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Let’s be superheroes for Road Safety Week


Term 2: schools can get involved in Road Safety Week. Options include road patrol students dressing up and teachers trying out a new curriculum resource.

School students dressed as superheroes pose at a kea crossing.

Capes and masks will join the usual hi-vis vests for school patrol students in May as the country marks Road Safety Week.

Road Safety Week logo with a red heart.Running 15-21 May, the week has the theme Road Safety Heroes. This recognises everyone who works to make our roads safer or support people following a crash.

It’s also a chance for schools and communities to highlight the part we can all play in keeping ourselves and others safe on the road.

The week is coordinated by charity Brake New Zealand, with Waka Kotahi and Beca as key sponsors.

Now is the time for young people to dig around for colourful costumes and accessories, says Brake director Caroline Perry.

“We’re encouraging students on school patrol to dress up as superheroes for a day during Road Safety Week. It’s fun, it gets positive attention from the whole community, and it acknowledges the important work these students do helping their classmates get to and from school safely.”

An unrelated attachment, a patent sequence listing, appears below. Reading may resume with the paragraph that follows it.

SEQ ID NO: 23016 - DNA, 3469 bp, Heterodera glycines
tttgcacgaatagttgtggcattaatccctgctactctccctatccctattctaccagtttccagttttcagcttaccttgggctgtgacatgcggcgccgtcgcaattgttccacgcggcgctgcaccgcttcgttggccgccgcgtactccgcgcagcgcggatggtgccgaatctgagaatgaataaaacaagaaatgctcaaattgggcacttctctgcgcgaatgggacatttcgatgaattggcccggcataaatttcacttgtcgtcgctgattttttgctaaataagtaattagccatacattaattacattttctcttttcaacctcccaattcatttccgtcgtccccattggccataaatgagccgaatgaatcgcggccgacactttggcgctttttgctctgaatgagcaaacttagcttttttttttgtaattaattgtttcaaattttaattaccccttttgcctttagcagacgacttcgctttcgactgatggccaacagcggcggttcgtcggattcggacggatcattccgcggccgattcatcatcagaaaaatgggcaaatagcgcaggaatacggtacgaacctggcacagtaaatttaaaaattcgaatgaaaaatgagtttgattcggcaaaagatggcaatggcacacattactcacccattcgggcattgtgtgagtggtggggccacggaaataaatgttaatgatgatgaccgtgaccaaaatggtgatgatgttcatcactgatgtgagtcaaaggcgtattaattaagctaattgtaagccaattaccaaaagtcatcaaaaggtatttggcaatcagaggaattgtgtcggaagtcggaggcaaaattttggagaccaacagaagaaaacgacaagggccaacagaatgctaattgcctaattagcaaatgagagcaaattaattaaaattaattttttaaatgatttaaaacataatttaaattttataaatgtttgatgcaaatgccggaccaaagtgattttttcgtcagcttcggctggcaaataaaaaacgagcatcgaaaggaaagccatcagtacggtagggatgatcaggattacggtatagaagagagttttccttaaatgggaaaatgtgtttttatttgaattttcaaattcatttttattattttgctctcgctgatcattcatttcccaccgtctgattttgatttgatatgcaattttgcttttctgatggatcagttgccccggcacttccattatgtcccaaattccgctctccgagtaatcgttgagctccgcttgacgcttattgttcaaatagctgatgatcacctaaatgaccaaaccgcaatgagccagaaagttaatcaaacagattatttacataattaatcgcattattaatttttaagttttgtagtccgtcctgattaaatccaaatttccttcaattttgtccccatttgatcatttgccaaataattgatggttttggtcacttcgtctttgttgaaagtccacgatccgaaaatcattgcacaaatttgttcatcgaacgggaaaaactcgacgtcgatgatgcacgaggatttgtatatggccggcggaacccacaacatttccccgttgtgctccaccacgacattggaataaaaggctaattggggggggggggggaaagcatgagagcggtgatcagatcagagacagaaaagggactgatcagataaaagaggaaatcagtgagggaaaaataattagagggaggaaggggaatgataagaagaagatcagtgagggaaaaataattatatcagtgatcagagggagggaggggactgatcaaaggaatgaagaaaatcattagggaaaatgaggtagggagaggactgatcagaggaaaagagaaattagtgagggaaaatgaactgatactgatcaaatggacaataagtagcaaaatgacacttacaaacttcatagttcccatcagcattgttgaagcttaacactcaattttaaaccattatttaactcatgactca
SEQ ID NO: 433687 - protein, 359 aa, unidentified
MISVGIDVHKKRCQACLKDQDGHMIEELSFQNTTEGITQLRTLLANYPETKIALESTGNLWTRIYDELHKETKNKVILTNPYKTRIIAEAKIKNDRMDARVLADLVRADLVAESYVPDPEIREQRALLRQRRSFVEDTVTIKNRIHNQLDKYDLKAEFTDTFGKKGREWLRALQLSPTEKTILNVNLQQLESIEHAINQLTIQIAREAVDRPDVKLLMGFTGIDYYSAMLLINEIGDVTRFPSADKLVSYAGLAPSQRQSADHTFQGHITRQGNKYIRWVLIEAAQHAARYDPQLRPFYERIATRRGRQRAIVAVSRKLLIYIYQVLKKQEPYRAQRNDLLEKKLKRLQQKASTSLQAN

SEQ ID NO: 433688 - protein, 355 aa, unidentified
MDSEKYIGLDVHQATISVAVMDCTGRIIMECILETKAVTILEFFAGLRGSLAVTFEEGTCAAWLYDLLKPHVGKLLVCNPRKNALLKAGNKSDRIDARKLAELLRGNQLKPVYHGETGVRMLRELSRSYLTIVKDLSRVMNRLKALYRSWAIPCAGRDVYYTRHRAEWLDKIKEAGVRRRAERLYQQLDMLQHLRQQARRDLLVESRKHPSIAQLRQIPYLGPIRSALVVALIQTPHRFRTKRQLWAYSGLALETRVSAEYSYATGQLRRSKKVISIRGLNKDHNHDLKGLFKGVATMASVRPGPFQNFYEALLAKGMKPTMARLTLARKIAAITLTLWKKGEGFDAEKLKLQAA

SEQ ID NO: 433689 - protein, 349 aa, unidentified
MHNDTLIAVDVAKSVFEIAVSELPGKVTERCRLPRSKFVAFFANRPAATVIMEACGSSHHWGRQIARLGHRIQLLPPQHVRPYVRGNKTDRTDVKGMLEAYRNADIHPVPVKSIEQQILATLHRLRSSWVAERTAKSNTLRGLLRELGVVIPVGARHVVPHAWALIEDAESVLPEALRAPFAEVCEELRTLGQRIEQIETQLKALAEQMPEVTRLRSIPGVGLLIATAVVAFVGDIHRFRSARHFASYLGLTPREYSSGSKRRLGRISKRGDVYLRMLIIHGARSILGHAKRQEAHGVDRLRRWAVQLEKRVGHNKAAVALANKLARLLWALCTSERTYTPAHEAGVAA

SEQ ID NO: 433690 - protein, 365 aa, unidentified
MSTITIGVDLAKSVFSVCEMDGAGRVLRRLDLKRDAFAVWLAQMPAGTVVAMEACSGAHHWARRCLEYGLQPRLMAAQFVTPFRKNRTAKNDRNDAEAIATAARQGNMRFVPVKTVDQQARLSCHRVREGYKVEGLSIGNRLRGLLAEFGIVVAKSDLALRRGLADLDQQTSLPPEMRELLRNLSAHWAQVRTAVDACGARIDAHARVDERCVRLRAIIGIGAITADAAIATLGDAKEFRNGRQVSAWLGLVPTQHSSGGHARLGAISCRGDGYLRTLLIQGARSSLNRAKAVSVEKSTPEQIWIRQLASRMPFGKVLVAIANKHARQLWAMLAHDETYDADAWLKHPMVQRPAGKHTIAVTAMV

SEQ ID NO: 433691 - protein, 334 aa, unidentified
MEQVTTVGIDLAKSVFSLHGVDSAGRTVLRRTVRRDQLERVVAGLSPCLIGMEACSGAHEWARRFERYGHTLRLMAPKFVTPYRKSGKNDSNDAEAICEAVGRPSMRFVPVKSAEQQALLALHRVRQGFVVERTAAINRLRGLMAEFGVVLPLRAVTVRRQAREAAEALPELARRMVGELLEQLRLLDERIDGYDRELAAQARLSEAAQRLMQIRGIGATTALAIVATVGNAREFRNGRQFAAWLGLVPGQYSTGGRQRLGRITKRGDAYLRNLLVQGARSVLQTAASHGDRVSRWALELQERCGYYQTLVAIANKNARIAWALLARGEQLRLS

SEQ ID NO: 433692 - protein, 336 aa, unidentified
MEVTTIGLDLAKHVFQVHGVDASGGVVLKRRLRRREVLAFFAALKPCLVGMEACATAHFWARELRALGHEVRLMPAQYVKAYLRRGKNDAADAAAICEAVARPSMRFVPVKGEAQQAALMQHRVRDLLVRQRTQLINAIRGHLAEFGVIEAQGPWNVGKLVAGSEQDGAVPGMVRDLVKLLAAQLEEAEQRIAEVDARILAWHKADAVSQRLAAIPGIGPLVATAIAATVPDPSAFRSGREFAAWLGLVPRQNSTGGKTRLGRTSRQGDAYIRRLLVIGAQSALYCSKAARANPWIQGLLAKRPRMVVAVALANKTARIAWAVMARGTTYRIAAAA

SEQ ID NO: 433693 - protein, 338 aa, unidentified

The costume day was a big hit last year, when over 1000 schools, childcare centres, organisations and community groups registered to take part in Road Safety Week, running activities to raise awareness and share road safety messages.   

Logo saying Be a road safety hero.Everyone who signs up to take part in the week receives a free electronic action pack of activity ideas and resources such as lesson plans, activity sheets, posters and images for communications.

Road Safety Week(external link)

Sign up for your Road Safety Week 2023 action pack(external link)

New teaching resource

Waka Kotahi is marking the week by launching a new curriculum resource for Years 1-8.

Safe speeds around schools has 3 lessons about changing speed limits around New Zealand’s schools. It aligns to achievement objectives in Science, Social Sciences, and Health and PE. It includes adaptations for Years 1-3, 4-6 and 7-8 and features hands-on science experiments including using a home-made marble launcher.

The resource is written by Matt Boucher, a deputy principal with extensive science education experience. He suggests the resource be used either as a whole unit of work, or activities selected for one-off lessons.

Safe speeds around schools curriculum resource

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